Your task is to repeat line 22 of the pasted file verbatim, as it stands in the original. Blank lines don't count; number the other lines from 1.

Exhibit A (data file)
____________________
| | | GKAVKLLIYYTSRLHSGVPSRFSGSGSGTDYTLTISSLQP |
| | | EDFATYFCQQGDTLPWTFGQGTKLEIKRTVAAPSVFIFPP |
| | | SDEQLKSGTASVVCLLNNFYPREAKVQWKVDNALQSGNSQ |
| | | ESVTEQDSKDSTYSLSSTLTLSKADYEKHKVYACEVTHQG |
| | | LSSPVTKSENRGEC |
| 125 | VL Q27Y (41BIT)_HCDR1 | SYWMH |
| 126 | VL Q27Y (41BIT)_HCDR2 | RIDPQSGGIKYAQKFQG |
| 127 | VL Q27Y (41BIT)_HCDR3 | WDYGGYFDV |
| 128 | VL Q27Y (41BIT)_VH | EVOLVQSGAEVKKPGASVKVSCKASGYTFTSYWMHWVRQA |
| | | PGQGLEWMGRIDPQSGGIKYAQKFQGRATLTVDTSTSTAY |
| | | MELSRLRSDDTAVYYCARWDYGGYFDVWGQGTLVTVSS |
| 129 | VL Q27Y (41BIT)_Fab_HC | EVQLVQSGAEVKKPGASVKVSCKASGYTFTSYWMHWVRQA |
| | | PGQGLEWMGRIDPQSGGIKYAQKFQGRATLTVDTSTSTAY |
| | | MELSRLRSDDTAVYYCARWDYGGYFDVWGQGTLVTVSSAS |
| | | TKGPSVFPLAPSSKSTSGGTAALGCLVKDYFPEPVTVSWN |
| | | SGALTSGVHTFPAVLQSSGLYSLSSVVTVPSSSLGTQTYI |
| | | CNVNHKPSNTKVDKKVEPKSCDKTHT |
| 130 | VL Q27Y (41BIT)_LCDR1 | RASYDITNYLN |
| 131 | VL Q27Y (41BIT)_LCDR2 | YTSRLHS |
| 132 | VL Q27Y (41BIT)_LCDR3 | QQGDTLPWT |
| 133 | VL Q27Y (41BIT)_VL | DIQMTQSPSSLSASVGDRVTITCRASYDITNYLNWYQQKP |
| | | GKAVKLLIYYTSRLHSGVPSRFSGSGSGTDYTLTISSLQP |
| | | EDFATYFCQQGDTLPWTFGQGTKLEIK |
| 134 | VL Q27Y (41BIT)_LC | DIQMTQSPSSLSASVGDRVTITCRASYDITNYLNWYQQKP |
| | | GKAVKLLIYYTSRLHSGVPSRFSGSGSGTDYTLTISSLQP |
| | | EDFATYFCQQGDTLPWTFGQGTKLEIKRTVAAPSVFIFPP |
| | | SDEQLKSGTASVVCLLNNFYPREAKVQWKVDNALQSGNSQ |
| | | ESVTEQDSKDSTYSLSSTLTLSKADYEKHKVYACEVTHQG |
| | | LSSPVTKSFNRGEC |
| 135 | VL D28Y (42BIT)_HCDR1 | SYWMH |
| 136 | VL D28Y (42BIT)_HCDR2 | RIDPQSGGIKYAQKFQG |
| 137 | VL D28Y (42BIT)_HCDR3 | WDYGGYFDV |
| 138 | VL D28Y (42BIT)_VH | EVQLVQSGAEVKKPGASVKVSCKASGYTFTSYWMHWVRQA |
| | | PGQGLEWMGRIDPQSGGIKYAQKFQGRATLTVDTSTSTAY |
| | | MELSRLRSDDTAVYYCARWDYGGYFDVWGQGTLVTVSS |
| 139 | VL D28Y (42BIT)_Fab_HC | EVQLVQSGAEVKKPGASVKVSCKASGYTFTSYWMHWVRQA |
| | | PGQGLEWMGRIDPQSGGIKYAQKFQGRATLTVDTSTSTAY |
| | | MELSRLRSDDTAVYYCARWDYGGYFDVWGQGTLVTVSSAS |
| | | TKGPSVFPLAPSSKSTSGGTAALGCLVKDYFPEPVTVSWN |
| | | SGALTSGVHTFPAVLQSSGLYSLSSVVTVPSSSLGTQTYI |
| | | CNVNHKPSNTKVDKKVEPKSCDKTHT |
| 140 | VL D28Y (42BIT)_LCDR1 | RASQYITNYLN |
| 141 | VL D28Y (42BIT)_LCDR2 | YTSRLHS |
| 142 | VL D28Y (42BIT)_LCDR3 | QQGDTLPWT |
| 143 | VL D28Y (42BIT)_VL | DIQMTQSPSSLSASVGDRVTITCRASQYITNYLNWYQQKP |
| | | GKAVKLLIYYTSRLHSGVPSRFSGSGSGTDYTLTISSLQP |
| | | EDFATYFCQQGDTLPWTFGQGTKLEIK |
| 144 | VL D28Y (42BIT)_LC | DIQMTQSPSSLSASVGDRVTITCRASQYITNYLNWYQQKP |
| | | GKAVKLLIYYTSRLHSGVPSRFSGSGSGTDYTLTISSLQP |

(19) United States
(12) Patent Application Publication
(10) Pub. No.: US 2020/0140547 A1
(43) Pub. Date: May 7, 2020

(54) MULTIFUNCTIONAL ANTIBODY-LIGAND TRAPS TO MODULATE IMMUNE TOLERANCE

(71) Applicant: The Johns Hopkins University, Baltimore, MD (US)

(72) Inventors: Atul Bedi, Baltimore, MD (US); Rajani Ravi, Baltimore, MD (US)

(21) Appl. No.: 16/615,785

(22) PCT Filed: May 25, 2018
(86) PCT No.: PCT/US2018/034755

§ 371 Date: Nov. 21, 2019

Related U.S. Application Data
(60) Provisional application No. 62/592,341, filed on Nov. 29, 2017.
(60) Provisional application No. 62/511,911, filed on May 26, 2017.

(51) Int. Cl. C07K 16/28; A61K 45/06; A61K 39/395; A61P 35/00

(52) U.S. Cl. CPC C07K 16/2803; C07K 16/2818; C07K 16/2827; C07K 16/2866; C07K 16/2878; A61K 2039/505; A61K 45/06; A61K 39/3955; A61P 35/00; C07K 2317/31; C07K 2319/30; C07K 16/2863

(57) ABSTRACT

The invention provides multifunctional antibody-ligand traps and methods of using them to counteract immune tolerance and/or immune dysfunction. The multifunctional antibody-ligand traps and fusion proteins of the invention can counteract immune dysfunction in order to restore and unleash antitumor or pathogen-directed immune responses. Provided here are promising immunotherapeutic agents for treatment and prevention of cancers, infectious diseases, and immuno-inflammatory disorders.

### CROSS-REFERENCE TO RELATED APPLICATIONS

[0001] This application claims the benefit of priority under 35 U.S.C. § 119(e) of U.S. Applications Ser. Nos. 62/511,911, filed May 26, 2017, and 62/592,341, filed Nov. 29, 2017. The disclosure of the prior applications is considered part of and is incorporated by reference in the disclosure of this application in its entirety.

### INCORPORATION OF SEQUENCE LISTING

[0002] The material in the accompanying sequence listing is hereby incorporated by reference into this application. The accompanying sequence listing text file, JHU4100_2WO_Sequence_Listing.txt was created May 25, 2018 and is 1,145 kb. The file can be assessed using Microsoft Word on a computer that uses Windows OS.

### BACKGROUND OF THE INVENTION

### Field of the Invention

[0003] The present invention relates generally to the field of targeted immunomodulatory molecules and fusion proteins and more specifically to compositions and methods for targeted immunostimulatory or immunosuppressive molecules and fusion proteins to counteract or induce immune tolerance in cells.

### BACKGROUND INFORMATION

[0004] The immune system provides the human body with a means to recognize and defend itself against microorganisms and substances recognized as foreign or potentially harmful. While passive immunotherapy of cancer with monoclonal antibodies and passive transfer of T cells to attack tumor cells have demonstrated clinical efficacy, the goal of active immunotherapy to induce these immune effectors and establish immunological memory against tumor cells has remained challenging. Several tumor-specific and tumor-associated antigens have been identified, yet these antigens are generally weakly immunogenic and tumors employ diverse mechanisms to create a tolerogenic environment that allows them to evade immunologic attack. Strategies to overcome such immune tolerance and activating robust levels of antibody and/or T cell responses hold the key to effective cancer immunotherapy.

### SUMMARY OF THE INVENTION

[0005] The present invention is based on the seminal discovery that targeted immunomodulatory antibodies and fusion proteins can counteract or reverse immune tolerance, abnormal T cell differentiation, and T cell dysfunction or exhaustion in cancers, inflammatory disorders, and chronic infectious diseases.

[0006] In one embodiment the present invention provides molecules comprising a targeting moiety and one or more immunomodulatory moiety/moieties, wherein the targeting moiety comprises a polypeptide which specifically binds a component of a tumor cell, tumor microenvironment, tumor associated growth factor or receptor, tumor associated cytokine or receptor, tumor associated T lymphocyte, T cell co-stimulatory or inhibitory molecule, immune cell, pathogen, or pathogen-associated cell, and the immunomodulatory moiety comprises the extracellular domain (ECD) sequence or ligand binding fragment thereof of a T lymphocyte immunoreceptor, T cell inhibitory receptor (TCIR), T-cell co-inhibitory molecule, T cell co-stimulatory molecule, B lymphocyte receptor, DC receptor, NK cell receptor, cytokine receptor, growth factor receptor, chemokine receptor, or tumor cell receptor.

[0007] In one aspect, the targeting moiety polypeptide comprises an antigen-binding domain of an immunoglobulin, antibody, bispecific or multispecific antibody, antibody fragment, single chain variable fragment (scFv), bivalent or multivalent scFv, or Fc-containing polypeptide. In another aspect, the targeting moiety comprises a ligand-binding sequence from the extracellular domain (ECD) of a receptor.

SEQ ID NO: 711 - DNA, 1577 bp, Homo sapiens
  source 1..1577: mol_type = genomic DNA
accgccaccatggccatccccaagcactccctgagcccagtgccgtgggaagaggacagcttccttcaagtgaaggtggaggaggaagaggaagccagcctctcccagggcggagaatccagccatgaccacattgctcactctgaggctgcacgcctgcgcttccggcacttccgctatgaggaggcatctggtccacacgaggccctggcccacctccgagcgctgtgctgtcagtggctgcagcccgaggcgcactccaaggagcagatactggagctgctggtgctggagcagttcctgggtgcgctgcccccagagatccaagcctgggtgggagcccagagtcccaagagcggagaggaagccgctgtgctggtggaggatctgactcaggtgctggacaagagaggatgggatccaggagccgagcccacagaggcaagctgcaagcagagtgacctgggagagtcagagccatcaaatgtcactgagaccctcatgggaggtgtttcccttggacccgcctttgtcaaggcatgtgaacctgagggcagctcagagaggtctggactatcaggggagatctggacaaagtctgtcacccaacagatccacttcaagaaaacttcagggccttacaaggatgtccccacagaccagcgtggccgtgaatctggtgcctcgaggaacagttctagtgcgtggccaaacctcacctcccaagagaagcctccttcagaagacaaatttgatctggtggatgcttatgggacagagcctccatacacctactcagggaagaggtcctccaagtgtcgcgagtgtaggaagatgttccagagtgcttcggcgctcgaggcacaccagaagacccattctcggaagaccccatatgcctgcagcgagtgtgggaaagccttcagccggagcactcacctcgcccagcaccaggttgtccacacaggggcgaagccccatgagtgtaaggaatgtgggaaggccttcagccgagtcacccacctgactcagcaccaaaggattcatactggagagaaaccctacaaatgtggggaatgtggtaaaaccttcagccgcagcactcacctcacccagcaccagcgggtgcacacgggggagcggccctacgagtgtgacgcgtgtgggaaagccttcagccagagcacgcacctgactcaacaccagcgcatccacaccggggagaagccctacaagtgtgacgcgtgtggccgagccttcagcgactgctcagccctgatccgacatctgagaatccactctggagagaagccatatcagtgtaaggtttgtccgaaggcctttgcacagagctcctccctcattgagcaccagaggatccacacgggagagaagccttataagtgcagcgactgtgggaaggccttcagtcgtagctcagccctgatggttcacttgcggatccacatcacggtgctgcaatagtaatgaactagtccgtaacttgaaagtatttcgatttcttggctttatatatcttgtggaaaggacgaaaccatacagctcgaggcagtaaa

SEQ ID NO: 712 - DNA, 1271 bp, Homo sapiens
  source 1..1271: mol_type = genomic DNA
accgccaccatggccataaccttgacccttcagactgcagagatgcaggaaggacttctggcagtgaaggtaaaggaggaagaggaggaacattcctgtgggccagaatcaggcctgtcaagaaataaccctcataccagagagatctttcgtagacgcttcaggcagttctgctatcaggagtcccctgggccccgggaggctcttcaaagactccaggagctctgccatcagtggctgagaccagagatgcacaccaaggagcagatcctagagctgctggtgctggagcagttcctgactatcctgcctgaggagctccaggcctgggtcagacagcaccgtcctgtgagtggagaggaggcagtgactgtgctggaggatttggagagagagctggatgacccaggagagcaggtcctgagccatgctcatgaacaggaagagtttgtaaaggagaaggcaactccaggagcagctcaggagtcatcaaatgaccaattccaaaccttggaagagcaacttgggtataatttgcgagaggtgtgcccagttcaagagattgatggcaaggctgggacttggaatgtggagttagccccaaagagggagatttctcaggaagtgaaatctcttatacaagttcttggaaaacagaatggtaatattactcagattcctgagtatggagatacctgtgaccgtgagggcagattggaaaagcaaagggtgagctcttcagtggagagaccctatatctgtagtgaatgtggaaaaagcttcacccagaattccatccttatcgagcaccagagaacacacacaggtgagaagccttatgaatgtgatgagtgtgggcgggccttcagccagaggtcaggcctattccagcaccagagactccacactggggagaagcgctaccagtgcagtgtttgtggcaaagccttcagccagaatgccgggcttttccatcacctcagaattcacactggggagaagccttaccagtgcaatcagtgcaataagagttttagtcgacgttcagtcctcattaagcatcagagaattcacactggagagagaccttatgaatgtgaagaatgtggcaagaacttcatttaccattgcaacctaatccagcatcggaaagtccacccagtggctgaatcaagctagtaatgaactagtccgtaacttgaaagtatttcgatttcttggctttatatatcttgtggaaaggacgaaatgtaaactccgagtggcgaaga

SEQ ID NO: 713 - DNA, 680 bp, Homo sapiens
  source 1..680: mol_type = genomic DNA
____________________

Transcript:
| | | GKAVKLLIYYTSRLHSGVPSRFSGSGSGTDYTLTISSLQP |